- Potholes are an increasing problem for drivers who are forced to pay for costly repairs. Damage is so bad that recovery services report a huge rise in pothole-related call-outs
- Ford test centre in Belgium replicates effects of world's worst potholes and other extreme surfaces. Lommel Proving Ground incorporates test tracks covering 80 km, more than 100 extreme surfaces replicated from 25 countries, including 1.9 km of potholes
- Hazards including potholes, granite blocks from Belgium, and French cobbles help Ford to test and develop innovations that make cars stronger. Ford vehicles in Europe now benefit from Continuous Control Damping with Pothole Mitigation technology
Potholes and other rough road surfaces have become a pricey problem for motorists around the world.
Last year in the U.K. alone, the Royal Automobile Club responded to more than 25,000 pothole-related breakdowns - a nearly 25 per cent increase just since 2014.* Poor condition and lack of maintenance of European roads are said to contribute to at least one third of all accidents every year.**
Recognising the issue, Ford Motor Company has created a diabolical 1.9-kilometre (1.2‑mile) road that consists of precise replicas of some of the worst potholes and road hazards from around the world. What's the point of this boulevard of broken suspensions? To help engineers create more robust chassis systems and develop new innovations to ensure Ford vehicles can better withstand the world's increasingly choppy roads.
The road is part of 80 kilometres (50 miles) of test tracks at Ford's test facility in Lommel, Belgium. It incorporates potholes from Europe and the U.S., and simulates more than 100 hazards from 25 countries worldwide. In the past three years alone, Ford engineers' search for scary road hazards has taken them to Austria, France, Germany, Italy, Russia, Spain, Switzerland, and the U.K., as well as Asia, Australia, North America, and South America.
"From a rutted traffic junction in China to a bumpy German side-street, this road is a rogues' gallery of the most bruising surfaces that our customers might encounter," said Eric-Jan Scharlee, durability technical specialist, at Ford's Lommel Proving Ground, in Belgium. "By incorporating these real-world challenges into our test facilities we can develop future vehicles to better cope with challenging conditions."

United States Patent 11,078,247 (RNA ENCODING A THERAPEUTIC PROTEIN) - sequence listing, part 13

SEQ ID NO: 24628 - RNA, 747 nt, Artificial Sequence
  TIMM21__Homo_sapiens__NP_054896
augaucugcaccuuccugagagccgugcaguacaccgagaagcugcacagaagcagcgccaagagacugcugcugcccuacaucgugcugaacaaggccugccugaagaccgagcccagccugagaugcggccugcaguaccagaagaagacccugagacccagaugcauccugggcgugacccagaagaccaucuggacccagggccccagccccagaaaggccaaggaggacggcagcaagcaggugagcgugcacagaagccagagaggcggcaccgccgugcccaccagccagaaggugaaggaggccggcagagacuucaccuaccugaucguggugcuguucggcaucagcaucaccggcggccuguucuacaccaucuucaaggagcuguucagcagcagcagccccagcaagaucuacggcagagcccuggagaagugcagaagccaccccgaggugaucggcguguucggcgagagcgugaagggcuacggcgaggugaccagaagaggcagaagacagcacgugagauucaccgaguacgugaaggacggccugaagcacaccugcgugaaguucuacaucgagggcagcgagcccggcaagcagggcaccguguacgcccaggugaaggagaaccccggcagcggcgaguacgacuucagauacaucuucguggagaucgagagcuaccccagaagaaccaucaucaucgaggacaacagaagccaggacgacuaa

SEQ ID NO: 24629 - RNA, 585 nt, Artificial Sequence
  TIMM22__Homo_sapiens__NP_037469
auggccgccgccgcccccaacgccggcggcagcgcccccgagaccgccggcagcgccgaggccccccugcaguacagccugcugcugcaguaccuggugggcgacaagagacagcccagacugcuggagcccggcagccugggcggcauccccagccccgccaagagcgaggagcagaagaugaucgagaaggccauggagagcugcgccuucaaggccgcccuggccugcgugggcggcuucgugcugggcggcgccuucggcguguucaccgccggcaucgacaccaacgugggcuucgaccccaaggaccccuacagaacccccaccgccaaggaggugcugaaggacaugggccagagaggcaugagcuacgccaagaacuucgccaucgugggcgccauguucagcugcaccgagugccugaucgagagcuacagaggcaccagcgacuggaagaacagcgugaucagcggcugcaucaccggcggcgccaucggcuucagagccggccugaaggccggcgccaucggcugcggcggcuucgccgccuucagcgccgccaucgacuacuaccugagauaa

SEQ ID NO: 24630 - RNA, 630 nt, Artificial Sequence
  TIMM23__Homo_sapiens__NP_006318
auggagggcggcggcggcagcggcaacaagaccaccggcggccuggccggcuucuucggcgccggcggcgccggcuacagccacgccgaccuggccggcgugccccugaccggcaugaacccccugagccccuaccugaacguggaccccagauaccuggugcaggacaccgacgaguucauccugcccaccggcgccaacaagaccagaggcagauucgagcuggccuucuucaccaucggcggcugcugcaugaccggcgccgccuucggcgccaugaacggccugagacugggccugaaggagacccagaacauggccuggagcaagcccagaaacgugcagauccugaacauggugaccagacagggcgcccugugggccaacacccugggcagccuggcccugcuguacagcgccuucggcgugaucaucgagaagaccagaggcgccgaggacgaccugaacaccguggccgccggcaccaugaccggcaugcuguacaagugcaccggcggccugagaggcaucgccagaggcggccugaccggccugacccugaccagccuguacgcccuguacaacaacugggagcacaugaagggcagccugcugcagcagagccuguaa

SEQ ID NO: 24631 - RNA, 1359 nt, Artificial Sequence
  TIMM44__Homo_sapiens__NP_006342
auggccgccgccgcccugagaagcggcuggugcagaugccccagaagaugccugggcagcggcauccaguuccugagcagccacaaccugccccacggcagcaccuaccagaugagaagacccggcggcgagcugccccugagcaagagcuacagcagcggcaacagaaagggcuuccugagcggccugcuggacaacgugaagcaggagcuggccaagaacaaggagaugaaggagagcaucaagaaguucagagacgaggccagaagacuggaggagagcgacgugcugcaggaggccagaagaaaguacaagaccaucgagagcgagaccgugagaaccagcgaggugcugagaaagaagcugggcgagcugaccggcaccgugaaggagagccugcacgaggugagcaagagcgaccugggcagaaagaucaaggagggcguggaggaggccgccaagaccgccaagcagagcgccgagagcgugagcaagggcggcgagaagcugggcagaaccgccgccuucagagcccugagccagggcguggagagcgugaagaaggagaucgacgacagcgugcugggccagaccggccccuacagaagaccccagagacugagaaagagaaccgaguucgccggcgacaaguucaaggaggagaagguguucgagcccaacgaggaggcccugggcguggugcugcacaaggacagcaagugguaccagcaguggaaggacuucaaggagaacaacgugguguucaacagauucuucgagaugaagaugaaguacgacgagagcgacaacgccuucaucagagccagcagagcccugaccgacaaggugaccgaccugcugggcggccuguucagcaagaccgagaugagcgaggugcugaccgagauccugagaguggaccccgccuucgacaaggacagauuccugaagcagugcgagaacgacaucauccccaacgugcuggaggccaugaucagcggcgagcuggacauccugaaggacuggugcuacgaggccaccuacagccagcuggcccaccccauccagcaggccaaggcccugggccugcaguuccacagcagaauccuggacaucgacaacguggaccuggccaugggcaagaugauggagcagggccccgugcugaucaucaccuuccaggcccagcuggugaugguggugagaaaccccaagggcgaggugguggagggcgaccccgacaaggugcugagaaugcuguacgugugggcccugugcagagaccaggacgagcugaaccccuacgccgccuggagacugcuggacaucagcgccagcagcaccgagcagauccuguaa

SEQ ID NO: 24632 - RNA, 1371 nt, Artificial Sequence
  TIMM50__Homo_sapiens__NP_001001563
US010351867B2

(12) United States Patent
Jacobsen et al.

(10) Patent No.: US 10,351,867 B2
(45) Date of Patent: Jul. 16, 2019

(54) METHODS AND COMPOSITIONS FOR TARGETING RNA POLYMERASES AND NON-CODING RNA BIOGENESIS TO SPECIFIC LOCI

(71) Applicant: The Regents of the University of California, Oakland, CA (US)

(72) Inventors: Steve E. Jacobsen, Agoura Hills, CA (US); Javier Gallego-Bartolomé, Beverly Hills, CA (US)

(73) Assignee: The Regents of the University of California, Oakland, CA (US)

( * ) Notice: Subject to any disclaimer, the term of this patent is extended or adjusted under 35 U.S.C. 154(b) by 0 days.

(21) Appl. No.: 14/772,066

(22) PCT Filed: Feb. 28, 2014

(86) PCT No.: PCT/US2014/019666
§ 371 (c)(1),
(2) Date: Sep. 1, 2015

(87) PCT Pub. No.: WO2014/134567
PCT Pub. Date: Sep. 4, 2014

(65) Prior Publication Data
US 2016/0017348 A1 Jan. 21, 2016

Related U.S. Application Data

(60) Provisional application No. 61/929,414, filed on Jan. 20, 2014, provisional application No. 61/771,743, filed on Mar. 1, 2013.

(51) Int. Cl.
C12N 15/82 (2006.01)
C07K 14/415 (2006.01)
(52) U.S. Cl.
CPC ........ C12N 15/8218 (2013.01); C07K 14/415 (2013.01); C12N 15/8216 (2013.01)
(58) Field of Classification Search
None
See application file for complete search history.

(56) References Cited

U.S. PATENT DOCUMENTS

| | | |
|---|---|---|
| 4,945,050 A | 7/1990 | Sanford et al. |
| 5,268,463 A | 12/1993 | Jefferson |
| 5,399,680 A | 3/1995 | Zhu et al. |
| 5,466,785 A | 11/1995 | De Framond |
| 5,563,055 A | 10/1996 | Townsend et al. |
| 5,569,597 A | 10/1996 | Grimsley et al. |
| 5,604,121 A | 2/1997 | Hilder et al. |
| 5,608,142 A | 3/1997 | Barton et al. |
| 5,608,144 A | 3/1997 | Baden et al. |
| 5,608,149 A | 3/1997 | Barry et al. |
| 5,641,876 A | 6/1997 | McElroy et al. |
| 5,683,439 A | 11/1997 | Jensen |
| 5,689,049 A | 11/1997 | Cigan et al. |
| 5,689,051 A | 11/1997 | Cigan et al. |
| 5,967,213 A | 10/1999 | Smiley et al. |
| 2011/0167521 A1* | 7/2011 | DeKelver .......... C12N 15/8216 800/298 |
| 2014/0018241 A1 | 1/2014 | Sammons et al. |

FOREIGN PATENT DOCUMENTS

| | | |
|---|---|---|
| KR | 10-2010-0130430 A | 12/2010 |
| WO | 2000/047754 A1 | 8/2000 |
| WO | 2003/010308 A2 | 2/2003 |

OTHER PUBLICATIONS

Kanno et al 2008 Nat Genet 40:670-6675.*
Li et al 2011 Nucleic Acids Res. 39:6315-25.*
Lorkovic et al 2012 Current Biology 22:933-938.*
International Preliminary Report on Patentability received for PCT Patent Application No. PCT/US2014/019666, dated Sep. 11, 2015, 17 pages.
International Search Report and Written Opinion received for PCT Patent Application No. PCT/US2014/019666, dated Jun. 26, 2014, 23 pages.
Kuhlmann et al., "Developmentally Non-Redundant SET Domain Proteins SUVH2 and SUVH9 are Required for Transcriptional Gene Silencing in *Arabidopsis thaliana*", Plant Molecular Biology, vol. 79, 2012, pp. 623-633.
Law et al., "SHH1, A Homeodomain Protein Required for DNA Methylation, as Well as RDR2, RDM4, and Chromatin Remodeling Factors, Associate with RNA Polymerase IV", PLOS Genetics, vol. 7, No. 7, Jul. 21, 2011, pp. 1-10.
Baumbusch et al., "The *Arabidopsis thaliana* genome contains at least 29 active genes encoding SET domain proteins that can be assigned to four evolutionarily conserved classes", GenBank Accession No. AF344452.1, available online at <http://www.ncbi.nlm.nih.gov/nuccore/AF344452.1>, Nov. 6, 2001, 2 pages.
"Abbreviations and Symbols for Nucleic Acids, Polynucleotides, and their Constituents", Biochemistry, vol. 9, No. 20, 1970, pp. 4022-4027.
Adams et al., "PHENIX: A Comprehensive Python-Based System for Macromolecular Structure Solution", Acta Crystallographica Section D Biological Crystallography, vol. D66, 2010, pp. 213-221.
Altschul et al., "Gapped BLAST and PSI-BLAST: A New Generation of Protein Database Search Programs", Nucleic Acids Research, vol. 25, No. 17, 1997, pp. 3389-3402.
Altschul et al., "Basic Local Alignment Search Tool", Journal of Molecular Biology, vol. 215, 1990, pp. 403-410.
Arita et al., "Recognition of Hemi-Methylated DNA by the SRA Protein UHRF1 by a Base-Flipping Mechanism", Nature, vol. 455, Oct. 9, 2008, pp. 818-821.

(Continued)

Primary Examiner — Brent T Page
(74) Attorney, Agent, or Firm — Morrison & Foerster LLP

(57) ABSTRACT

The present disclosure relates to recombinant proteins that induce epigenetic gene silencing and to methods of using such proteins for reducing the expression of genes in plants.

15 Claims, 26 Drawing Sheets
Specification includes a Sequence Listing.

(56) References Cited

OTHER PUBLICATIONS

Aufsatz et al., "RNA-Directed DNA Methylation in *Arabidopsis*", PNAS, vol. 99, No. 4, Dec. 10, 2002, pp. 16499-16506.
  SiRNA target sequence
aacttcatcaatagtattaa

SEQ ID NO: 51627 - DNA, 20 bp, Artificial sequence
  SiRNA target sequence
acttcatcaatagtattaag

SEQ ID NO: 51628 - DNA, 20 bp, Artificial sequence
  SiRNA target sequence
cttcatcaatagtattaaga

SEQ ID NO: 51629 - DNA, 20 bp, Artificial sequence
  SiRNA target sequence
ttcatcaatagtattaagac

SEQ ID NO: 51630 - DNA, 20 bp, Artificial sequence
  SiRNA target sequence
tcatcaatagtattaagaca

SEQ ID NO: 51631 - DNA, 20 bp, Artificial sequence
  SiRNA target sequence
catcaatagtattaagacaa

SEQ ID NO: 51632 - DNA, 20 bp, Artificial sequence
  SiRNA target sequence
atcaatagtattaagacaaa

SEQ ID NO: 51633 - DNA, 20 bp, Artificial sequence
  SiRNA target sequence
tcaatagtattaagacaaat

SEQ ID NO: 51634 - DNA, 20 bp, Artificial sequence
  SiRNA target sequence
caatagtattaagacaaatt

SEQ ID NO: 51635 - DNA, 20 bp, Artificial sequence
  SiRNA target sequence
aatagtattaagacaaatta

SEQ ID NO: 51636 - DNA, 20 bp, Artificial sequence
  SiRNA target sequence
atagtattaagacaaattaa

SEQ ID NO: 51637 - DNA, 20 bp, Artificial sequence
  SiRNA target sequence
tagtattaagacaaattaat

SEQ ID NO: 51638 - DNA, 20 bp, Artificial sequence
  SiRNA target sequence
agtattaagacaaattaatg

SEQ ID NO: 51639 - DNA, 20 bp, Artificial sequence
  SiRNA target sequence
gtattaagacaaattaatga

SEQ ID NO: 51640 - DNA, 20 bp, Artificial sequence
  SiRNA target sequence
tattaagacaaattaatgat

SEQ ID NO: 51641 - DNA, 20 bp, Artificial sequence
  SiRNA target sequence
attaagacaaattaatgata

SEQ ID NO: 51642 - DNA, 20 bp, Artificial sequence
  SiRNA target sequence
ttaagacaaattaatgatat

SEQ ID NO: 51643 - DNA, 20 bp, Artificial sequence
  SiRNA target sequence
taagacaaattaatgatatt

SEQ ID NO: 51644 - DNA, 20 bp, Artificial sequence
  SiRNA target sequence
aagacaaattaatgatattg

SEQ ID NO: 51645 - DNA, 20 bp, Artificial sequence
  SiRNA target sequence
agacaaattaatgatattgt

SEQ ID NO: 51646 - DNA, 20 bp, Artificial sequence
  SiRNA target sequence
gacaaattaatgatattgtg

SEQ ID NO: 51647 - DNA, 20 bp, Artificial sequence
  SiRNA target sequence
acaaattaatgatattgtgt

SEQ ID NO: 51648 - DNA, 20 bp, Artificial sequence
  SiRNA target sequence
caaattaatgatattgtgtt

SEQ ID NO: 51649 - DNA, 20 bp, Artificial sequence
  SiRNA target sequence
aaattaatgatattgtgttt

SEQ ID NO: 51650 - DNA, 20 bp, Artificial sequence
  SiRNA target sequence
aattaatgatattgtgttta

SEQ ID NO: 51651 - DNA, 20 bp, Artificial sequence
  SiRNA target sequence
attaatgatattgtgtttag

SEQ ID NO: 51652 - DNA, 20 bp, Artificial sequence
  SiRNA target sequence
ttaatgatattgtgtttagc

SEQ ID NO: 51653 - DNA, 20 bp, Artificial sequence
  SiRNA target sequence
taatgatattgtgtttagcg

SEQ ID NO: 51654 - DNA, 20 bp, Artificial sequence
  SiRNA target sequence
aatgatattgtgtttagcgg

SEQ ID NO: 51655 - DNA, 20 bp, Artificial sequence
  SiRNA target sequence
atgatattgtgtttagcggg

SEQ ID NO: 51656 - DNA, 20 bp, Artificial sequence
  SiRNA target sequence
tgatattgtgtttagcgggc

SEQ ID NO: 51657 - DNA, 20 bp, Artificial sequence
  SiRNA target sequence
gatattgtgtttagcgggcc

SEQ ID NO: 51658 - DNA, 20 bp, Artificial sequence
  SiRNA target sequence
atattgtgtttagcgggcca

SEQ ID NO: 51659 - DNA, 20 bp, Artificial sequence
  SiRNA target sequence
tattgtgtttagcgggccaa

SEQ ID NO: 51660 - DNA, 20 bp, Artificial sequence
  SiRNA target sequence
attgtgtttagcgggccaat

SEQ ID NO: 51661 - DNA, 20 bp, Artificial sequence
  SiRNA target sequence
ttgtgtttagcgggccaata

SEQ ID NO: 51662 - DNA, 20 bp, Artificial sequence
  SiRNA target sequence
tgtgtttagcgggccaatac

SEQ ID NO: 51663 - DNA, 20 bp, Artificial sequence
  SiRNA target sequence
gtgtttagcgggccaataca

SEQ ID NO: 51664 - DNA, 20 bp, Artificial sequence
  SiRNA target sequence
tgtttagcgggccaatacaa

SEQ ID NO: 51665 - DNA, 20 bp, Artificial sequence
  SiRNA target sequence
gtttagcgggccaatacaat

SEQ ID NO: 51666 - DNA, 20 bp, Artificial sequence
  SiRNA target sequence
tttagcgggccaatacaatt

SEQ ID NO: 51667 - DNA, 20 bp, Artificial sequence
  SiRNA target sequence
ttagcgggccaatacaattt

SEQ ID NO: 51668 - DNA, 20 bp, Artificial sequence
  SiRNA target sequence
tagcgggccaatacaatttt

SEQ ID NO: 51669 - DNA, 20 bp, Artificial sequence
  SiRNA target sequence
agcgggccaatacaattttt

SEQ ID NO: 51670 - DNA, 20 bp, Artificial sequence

Engineers are always investigating potential new additions for inclusion at the facility. Employing similar equipment to that used by seismologists studying earthquakes, the engineers drive through the potholes at speeds of up to 70 km/h (46 mph), using sensors to record the loads and strains to the suspension and components. This includes surfaces as diverse as granite blocks from Belgium, cobbles from Paris, and speed bumps from Brazil.
Ford's obsession with making sure its cars can withstand the world's worst roads has led to innovation. For example, Ford is debuting Continuous Control Damping with Pothole Mitigation technology in Europe on Mondeo, Galaxy and S-MAX. The technology adjusts the suspension if it detects that a wheel has dropped into a pothole, and can help protect the suspension from damage. Ford's Tyre Pressure Monitoring System alerts drivers to punctures, and Electronic Stability Control can help drivers maintain control of their vehicle when avoiding obstacles.
All Ford vehicles for Europe are tested at Lommel, where Ford engineers and test drivers cover more than 6 million kilometres (3.7 million miles) every year. For example, test drivers there drove the all-new Transit over the course more than 5,000 times as part of a testing regime designed to simulate ten years' punishment in just six months. Test facilities also include a high-speed circuit, salt- and mud-baths and corrosion testing in high-humidity chambers. Prototype vehicles also are driven worldwide in temperatures ranging from -40 C to 40 C.
"Analysing data inputs during vehicle testing has enabled Ford to develop a range of advanced driver aids and design modifications to help continually improve the safety and robustness of our vehicles," Scharlee said.
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